A review of a role-playing drama called 'The Wild Hunt'
I'm reeeeeally looking forward to the Joe Lynch film "The Knights Of Badassdom," written by Matt Wall and Kevin Dreyfuss. I bring it up because there's a similarity to the basic concept of that film and the next film that Dustin Hucks is reviewing for us from the Santa Barbara International Film Festival.
See if you agree. The Joe Lynch film deals with a group of role-players who are on a weekend excursion when one of them accidentally calls up a real demon, forcing them to have to live the roles that they've all been playing, and either kill or be killed. It's about that fine line between fantasy and reality and what happens when that line is removed.
The thing is, I assume (not having read it, but knowing Lynch and how infectiously hilarious he is at all times) that the Joe Lynch film is going to be wild and silly and fun and gory and exciting and big, and it's going to play to the popcorn side of the basic idea. And that's awesome. Plus he's got Peter Dinklage, so he pretty much automatically wins.
Keep that description in mind as you read this review by Dustin Hucks of a film that's been playing the festival circuit for a little while now. Dustin caught up with it at the Santa Barbara International FIlm Festival, where he's a guest reviewer for HitFix this week, and here are his thoughts on "The Wild Hunt":
"'The Wild Hunt'
LARPing (Live Action Role Playing) is one of those terms that sort of snuck in on the periphery of my subconscious; I just knew what it meant one day, and this bummed me out. I’m a huge fan of role playing games via video games, and I have nothing against the folks that get a thrill playing the pen and paper RPGs like Dungeons and Dragons… but LARPing, that takes a level of commitment I just don’t have. Men and women, dressed as their favorite fantasy characters, battling it out with duct tape swords and foam shields? Pass.
When Slamdance Film Festival award winner and Focus on Québec entrant 'The Wild Hunt' was suggested to me, it was described by various festival goers as being built for the 'geek crowd.' I have no problem admitting I am one, and it’s not like I could hide it if I wanted to. We recognize our own. I’m a gamer; that’s my geek flavor. I identify with the geek ethos of others, because no matter what you’re into you’re still a part of a larger community of generally cool like-minded people. That said, man… the LARPers really take it to another place, and this film was a chance to see a bit of that world, even as what I thought might be parody.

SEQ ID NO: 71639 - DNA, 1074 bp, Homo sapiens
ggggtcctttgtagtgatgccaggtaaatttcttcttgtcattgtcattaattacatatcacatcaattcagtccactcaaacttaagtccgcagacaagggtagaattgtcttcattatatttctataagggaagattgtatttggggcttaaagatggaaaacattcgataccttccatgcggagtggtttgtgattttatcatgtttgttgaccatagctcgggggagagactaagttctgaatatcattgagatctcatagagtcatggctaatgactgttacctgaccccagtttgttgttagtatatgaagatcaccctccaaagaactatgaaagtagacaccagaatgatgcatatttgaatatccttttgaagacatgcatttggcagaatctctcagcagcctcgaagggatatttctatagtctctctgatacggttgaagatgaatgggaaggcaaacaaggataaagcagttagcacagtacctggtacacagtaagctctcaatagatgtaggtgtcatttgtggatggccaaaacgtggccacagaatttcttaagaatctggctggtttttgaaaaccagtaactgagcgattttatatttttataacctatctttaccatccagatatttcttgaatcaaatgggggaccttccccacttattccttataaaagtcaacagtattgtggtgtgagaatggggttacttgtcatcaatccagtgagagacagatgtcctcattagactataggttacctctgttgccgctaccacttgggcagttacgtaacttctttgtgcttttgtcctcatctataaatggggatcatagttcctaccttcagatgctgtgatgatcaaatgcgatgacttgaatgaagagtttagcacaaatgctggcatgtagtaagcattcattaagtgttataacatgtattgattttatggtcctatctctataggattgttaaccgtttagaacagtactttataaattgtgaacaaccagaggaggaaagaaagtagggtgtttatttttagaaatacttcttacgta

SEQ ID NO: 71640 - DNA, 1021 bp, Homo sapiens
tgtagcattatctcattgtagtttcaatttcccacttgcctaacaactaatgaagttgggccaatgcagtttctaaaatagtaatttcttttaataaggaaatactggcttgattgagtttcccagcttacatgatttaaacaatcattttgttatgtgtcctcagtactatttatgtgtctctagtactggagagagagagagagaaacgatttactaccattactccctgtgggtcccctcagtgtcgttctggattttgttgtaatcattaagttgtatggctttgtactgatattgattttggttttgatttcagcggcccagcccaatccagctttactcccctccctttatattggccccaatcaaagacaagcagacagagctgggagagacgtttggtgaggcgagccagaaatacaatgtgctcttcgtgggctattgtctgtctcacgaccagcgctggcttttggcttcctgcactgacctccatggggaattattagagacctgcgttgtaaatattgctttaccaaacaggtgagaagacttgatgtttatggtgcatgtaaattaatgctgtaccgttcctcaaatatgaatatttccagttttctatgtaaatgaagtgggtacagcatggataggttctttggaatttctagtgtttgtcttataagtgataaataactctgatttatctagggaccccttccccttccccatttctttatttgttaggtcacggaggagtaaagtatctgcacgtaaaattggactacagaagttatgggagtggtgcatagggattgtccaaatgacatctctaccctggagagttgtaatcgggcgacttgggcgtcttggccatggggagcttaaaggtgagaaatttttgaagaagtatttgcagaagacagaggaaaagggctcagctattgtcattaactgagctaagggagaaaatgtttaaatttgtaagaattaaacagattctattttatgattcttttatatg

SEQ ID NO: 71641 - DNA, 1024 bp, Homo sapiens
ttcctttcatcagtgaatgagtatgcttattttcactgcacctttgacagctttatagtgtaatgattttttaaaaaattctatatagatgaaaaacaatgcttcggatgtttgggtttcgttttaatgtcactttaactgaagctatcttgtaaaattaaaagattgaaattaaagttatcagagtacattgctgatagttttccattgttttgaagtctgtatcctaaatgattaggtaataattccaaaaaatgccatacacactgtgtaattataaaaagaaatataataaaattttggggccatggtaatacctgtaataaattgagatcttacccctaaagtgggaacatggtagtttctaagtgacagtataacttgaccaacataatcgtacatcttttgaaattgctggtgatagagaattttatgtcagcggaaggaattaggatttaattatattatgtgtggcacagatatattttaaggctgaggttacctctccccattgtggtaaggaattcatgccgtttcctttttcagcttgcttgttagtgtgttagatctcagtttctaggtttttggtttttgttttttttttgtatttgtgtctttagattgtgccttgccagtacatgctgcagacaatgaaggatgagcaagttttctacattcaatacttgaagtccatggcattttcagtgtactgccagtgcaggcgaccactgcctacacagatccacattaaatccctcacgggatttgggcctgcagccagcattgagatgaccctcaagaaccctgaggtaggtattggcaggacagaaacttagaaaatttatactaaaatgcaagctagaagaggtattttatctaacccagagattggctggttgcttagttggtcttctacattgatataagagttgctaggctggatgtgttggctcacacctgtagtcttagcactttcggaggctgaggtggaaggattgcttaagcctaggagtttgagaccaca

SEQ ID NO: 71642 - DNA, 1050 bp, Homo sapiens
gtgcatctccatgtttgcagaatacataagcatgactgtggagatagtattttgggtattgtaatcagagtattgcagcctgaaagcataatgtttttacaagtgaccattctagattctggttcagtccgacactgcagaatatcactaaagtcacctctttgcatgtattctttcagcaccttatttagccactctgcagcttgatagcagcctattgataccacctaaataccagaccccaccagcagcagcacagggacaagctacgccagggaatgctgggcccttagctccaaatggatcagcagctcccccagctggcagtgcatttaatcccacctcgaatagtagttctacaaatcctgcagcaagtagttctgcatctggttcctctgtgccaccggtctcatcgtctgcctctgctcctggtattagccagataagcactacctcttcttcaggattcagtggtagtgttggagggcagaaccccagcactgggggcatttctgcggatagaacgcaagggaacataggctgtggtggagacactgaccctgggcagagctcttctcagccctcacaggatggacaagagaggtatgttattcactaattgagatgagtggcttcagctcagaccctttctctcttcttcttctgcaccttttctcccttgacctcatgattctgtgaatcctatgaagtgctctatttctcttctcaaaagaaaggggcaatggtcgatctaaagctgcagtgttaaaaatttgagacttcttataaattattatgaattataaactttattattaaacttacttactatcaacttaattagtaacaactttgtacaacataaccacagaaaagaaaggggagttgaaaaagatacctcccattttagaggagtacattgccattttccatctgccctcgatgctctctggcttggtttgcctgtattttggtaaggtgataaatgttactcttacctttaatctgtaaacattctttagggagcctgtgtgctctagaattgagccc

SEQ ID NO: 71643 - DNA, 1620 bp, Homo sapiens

As very rudimentarily described, 'The Wild Hunt' is about medieval fantasy reenactments in the woods of Canada that turn much too real. Before the film director, producer, and co-screenwriter Alexandre Franchi noted that he wanted his heroes to be imperfect, that he was tired of films that create an indelible line between good and evil. Sadly, he took that concept, which is fantastically refreshing when done right, and made something that I’m still sort of at a loss to describe appropriately.
Ricky Mabe plays Erik, who so far as I can guess is supposed to be the protagonist. He lives in a dingy apartment as the primary caretaker of his father, who is suffering the mental ravages of old age. He’s a sad sack, with a live-in girlfriend of two months (Lynn, played by the stunningly beautiful Kaniehtiio Horn) who seems to have no emotional connection to him when the film begins, and who suffers schizophrenic shifts in sentiment toward Erik as things progress. Erik has been left to care for his father by his older brother Bjorn (Mark Antony Krupa), who has somehow managed to fall off the grid and devote what seems like exclusive time to the development of a Viking persona in a fantasy LARPing community that takes to the woods for make believe combat. In his devotion to this fantasy (Bjorn is never truly out of character, even in the end, when you would expect some mental and emotional clarity on his part), he has managed to draw Lynn into the games. She leaves Erik, noncommittally promising to come back, departing for the fantasy world via SUV. In short time having heard nothing from her, Erik leaves the city and heads to the woods to confront his estranged brother and win Lynn back to reality, albeit a decidedly depressing one.